“Starving” tumours might be the key to stopping metastatic breast cancer

Dr. Russell Jones and his team

What if there was a treatment that could “starve” a cancer tumour and prevent it from spreading? Dr. Russell Jones and his team are hoping to develop new therapeutics that will do just that by investigating oncometabolism, the metabolic differences in cancer cells.

“The core of what we’re studying is how cancer tumours fuel their growth,” says Dr. Jones, based at McGill University’s Goodman Cancer Centre in Montreal. “If you have a mutation that’s telling the tumour cell to grow in a certain way, and then you prevent them from feeding themselves, it could stop their growth.”

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Cancer cells spread in an uncontrolled fashion and make energy differently from normal cells. Interrupting this process could prevent cancer from metastasizing or becoming resistant to treatment – two problems that cause 90 per cent of breast cancer deaths.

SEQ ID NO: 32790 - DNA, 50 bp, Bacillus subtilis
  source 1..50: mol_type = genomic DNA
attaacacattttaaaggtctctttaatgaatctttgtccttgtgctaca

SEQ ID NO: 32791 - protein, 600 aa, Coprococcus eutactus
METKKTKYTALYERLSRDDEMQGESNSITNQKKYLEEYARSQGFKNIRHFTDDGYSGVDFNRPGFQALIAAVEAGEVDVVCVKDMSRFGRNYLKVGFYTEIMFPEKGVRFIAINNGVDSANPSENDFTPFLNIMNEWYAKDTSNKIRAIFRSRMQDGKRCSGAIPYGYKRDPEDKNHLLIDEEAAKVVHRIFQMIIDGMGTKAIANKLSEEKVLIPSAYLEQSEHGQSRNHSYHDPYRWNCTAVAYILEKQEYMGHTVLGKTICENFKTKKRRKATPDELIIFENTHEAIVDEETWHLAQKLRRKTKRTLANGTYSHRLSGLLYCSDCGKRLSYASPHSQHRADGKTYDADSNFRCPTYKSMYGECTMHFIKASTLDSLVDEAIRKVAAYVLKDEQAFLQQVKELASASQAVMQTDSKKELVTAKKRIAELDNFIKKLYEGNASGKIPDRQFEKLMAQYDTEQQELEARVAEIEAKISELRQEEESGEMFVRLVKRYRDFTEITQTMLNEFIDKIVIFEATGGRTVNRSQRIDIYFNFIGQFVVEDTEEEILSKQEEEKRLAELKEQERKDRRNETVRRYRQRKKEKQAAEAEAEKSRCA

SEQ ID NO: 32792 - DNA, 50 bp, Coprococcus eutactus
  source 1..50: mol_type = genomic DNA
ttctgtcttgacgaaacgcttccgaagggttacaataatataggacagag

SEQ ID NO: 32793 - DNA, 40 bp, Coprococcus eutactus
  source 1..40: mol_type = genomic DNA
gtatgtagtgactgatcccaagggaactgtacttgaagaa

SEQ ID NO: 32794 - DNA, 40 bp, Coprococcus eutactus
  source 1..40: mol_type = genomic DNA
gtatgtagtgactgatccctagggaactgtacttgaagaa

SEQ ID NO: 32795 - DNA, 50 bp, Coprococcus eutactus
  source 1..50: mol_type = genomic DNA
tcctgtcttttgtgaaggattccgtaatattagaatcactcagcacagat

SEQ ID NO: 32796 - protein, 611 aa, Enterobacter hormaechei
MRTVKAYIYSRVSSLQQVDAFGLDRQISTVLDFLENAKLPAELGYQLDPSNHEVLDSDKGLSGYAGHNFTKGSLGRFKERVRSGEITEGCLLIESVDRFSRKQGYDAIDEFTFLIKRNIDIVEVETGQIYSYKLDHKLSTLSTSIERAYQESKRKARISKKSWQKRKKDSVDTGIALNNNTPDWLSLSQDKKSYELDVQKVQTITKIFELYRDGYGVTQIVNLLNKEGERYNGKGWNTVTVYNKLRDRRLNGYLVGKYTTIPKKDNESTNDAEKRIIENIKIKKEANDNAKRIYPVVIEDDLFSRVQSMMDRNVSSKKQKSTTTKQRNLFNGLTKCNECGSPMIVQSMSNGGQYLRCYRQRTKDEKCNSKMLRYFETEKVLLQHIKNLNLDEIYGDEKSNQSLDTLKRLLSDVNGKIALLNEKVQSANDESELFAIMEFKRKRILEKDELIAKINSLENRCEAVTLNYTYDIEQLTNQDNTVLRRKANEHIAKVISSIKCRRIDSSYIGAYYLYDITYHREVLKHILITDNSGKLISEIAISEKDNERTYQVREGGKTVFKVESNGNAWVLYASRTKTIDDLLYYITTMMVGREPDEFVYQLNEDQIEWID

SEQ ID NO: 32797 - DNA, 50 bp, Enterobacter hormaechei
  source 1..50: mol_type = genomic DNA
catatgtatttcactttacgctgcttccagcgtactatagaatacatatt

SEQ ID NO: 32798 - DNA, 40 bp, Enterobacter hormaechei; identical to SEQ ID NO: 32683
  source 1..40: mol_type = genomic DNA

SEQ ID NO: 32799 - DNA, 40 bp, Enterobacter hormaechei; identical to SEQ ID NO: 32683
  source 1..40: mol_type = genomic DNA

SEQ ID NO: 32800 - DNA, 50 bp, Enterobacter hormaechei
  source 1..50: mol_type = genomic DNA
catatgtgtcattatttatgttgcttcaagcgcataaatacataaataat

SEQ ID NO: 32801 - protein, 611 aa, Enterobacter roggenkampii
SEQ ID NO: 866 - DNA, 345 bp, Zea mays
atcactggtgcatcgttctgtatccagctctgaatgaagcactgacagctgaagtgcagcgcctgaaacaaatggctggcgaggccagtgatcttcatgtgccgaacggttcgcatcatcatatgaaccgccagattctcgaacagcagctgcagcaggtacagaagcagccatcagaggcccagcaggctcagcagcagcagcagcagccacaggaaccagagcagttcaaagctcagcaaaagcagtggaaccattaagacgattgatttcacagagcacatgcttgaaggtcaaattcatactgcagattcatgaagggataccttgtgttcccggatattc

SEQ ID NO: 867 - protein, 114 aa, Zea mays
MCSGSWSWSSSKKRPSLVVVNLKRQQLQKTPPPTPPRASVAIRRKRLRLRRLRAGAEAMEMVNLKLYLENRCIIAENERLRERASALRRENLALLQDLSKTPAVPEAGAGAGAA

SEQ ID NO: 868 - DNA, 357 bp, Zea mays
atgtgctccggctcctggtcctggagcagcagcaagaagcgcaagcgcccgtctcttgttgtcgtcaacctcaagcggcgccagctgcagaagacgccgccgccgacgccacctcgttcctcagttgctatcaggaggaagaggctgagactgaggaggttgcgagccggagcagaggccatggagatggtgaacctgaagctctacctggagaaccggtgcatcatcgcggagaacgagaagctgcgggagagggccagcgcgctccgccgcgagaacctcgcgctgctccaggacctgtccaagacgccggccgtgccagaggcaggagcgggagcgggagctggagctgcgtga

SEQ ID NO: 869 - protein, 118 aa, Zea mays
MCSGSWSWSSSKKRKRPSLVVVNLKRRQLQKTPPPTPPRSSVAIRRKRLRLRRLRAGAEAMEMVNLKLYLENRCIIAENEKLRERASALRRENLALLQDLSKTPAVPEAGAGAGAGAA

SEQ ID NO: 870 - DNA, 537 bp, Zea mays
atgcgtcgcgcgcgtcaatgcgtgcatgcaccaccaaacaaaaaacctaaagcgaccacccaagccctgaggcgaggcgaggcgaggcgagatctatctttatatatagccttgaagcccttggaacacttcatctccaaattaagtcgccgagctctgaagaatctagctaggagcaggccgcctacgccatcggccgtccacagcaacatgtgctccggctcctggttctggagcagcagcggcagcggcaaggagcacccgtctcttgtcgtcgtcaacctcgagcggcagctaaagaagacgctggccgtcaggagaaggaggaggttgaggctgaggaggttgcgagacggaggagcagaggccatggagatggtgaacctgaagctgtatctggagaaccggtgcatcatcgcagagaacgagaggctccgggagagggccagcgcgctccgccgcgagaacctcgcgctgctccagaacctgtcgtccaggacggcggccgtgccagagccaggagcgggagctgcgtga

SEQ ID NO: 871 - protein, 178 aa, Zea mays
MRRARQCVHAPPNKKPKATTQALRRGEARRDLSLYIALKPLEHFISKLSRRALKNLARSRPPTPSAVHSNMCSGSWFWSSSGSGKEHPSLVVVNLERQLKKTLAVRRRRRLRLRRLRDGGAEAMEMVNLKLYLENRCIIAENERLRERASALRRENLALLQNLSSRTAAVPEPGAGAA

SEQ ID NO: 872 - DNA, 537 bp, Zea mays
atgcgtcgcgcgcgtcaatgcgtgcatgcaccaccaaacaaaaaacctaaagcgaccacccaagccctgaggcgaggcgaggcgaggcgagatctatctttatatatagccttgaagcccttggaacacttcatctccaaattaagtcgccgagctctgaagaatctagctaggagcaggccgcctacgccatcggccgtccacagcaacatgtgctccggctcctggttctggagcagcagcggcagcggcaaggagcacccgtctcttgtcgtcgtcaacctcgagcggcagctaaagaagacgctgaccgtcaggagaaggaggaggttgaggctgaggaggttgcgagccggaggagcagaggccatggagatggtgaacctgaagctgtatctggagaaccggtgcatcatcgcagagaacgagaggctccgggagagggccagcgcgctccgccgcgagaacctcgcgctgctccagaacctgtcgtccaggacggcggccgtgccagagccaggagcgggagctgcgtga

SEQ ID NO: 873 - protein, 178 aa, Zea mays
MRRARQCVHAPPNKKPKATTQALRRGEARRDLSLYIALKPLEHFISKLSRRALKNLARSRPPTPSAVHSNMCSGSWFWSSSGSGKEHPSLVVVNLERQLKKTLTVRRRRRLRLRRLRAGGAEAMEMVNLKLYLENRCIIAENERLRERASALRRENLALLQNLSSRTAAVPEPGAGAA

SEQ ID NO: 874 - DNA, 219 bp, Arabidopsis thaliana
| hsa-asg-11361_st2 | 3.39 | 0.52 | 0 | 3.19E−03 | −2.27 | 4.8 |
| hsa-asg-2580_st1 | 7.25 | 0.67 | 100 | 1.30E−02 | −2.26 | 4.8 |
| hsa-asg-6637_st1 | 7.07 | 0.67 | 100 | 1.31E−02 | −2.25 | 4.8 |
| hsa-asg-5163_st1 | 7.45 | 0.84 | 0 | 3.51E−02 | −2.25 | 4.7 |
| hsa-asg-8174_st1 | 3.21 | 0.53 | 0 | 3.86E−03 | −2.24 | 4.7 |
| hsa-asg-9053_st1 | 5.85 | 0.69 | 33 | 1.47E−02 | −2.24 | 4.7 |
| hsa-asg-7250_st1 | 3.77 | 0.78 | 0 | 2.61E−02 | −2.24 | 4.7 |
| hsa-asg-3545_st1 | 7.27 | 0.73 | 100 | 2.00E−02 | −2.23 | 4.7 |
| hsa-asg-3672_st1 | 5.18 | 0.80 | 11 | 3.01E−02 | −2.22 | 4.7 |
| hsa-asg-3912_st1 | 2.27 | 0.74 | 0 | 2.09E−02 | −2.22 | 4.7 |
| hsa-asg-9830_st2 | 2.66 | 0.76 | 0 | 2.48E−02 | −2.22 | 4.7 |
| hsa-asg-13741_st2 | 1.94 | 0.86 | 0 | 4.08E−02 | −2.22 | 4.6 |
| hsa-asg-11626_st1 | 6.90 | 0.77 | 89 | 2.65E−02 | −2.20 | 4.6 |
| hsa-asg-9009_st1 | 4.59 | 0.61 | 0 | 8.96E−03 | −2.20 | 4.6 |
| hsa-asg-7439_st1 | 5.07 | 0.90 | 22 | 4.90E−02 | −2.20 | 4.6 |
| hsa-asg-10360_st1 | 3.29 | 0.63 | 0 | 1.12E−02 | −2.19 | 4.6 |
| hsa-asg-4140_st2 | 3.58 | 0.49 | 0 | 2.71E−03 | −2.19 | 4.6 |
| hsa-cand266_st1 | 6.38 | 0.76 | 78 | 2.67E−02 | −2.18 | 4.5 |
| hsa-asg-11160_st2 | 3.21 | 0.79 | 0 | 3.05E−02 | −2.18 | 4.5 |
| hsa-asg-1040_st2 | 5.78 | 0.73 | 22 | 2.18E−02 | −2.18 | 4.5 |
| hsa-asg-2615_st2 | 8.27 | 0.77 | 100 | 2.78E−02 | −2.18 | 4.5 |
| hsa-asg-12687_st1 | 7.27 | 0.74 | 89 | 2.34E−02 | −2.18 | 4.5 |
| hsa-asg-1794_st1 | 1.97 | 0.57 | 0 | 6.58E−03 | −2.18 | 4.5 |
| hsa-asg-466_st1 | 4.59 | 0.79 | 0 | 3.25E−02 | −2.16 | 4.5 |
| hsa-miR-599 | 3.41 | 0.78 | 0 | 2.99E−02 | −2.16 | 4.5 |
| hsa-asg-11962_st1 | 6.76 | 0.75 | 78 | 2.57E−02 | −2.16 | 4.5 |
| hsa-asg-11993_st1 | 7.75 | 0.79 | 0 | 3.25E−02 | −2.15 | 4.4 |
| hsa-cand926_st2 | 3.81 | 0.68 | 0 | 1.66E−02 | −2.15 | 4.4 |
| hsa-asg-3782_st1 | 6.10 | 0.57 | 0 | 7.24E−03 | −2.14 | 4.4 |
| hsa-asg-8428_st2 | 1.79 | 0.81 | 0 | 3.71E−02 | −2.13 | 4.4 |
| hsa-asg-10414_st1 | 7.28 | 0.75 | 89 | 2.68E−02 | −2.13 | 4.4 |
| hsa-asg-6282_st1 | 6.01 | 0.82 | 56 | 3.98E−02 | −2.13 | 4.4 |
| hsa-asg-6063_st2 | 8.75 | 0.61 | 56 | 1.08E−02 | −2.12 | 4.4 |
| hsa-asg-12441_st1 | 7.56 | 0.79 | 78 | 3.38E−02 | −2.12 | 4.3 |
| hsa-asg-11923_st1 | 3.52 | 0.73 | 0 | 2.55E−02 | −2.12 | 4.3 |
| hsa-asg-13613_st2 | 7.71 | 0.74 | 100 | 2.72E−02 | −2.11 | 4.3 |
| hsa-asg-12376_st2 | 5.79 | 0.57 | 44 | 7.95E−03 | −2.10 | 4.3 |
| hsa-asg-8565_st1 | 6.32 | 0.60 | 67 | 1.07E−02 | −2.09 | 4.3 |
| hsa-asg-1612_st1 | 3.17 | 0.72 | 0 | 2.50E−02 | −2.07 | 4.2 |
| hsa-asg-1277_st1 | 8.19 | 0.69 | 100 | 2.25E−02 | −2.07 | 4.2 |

Dr. Jones’ lab has discovered that the activity of a protein called AMP-activated protein kinase (AMPK) dramatically increases in aggressive cancers. Inhibiting the activity of this protein appears to resensitize drug-resistant cancers to treatment.

“Because we know a lot about the genetic mutations that make the breast cancer cells drug resistant, we can block AMPK function and see how they respond,” he says, noting that early results look “amazing”.  “We’re trying to see how tumour cells run the game in their favour to keep themselves alive. We’re right in the midst of it and it’s very exciting!”